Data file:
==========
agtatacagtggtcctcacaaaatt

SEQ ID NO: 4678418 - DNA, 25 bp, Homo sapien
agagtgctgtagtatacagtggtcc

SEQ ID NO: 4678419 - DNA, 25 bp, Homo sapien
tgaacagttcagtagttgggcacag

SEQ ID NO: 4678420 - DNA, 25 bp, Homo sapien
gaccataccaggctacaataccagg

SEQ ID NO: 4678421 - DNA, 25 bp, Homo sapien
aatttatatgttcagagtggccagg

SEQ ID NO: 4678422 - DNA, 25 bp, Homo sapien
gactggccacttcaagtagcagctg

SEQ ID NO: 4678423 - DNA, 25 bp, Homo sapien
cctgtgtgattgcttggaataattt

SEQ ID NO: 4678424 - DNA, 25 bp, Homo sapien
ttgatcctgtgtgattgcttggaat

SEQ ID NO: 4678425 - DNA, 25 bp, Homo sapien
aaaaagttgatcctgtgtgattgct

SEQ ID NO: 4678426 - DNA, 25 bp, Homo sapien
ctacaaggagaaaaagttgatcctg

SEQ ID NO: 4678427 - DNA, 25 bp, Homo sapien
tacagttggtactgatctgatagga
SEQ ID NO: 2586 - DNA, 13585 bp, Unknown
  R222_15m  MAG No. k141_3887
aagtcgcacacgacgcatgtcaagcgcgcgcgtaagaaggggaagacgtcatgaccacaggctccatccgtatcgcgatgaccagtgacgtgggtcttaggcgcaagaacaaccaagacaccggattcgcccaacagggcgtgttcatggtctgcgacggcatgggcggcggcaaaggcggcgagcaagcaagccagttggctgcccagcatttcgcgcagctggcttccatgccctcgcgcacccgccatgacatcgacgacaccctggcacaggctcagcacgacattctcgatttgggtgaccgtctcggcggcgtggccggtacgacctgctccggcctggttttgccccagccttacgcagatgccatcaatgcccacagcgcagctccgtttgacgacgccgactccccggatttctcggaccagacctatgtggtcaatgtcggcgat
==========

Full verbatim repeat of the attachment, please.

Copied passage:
agtatacagtggtcctcacaaaatt

SEQ ID NO: 4678418 - DNA, 25 bp, Homo sapien
agagtgctgtagtatacagtggtcc

SEQ ID NO: 4678419 - DNA, 25 bp, Homo sapien
tgaacagttcagtagttgggcacag

SEQ ID NO: 4678420 - DNA, 25 bp, Homo sapien
gaccataccaggctacaataccagg

SEQ ID NO: 4678421 - DNA, 25 bp, Homo sapien
aatttatatgttcagagtggccagg

SEQ ID NO: 4678422 - DNA, 25 bp, Homo sapien
gactggccacttcaagtagcagctg

SEQ ID NO: 4678423 - DNA, 25 bp, Homo sapien
cctgtgtgattgcttggaataattt

SEQ ID NO: 4678424 - DNA, 25 bp, Homo sapien
ttgatcctgtgtgattgcttggaat

SEQ ID NO: 4678425 - DNA, 25 bp, Homo sapien
aaaaagttgatcctgtgtgattgct

SEQ ID NO: 4678426 - DNA, 25 bp, Homo sapien
ctacaaggagaaaaagttgatcctg

SEQ ID NO: 4678427 - DNA, 25 bp, Homo sapien
tacagttggtactgatctgatagga
SEQ ID NO: 2586 - DNA, 13585 bp, Unknown
  R222_15m  MAG No. k141_3887
aagtcgcacacgacgcatgtcaagcgcgcgcgtaagaaggggaagacgtcatgaccacaggctccatccgtatcgcgatgaccagtgacgtgggtcttaggcgcaagaacaaccaagacaccggattcgcccaacagggcgtgttcatggtctgcgacggcatgggcggcggcaaaggcggcgagcaagcaagccagttggctgcccagcatttcgcgcagctggcttccatgccctcgcgcacccgccatgacatcgacgacaccctggcacaggctcagcacgacattctcgatttgggtgaccgtctcggcggcgtggccggtacgacctgctccggcctggttttgccccagccttacgcagatgccatcaatgcccacagcgcagctccgtttgacgacgccgactccccggatttctcggaccagacctatgtggtcaatgtcggcgat